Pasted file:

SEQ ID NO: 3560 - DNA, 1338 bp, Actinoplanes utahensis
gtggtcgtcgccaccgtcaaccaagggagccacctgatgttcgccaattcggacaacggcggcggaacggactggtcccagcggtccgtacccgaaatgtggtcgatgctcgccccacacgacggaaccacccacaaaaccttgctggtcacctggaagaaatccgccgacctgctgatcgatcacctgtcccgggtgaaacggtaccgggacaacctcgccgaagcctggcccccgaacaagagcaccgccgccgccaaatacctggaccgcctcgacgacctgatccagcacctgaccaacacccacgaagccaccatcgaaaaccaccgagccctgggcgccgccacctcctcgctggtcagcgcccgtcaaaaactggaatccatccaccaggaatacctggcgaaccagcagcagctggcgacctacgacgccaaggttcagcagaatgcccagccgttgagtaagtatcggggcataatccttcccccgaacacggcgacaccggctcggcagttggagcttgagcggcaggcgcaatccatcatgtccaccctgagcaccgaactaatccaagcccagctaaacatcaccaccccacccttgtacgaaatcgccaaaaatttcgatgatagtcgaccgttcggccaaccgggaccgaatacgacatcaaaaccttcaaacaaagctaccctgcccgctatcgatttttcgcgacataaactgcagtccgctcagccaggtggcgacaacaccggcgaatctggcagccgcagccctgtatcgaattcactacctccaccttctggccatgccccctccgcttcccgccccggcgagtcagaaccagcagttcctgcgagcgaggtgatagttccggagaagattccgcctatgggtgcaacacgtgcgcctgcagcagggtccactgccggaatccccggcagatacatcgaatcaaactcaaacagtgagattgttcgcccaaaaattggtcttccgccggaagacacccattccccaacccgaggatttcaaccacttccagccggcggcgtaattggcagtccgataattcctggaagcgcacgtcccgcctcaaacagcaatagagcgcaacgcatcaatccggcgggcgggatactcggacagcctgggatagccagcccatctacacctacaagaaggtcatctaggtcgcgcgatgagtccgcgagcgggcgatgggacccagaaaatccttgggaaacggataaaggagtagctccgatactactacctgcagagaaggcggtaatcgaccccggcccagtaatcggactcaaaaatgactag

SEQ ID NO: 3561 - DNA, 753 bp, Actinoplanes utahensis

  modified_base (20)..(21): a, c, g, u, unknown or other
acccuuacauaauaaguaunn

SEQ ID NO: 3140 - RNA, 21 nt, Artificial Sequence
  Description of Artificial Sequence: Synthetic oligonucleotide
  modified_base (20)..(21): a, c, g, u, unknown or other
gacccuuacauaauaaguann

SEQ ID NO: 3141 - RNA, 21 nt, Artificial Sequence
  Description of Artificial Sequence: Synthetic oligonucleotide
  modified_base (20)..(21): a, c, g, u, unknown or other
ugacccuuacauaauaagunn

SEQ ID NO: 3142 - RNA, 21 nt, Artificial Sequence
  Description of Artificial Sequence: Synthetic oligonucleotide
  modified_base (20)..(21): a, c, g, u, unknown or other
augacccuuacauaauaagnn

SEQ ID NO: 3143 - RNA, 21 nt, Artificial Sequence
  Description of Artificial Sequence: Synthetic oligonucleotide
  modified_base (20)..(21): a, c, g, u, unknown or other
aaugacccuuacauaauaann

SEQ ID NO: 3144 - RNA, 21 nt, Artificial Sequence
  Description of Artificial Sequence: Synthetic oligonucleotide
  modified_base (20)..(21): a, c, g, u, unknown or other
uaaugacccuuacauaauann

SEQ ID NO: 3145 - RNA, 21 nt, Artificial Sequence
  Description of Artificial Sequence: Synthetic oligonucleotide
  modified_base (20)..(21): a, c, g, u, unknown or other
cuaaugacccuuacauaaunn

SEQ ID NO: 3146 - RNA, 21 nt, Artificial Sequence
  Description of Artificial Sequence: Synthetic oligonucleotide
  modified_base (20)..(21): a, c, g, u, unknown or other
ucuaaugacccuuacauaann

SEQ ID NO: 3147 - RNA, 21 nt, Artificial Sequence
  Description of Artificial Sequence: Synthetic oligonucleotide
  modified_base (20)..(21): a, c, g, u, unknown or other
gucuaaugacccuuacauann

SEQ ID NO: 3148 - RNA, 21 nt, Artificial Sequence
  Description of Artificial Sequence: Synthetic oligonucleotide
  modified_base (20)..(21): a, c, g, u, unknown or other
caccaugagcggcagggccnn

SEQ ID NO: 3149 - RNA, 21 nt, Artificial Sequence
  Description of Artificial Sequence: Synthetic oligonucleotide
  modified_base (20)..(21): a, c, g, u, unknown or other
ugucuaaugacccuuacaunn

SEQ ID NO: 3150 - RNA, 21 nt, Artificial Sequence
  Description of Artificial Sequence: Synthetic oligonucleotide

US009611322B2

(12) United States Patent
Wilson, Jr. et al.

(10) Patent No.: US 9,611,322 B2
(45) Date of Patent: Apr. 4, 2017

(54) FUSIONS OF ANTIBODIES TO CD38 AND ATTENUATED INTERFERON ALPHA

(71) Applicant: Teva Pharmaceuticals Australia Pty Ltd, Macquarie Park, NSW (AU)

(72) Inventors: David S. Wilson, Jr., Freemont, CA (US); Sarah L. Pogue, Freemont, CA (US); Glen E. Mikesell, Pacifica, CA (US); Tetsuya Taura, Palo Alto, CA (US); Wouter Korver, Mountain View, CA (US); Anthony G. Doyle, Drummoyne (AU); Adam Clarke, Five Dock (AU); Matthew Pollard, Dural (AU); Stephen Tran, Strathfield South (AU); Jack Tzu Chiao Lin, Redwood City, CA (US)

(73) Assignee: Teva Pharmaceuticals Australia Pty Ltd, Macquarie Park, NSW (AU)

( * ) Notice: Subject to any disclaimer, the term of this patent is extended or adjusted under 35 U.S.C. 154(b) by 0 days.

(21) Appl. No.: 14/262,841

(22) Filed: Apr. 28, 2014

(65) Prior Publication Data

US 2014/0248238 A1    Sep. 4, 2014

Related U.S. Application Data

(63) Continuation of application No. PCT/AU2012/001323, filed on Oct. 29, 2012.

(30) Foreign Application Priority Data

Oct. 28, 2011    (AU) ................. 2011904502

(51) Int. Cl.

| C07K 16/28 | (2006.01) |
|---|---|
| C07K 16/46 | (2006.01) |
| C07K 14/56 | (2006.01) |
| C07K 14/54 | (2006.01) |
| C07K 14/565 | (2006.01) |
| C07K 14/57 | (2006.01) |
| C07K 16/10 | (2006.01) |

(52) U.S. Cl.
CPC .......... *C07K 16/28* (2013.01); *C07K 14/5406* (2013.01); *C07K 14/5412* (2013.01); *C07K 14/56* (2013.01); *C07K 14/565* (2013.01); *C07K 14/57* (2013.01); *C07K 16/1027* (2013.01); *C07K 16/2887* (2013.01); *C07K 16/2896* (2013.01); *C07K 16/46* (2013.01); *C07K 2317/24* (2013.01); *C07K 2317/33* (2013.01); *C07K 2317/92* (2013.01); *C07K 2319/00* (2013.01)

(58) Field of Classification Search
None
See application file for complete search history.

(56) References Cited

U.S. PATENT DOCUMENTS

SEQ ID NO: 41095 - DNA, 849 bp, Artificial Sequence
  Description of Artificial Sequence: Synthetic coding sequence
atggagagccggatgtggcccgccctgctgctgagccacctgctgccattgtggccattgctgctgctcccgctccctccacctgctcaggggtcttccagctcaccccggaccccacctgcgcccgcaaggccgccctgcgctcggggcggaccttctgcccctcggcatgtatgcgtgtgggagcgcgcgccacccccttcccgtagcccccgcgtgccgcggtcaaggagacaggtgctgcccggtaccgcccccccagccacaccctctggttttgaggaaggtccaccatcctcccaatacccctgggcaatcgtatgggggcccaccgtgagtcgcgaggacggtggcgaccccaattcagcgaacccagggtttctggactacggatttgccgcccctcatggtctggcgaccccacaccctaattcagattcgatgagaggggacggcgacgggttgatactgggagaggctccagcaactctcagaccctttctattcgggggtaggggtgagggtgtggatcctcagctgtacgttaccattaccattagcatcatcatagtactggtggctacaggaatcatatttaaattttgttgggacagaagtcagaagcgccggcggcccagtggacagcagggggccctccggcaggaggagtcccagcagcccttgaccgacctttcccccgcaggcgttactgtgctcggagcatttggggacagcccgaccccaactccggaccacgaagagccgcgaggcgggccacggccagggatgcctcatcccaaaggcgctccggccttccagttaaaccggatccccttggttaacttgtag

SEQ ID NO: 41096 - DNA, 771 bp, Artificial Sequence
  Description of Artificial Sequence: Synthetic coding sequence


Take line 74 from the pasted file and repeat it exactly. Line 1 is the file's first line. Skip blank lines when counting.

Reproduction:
| C07K 16/10 | (2006.01) |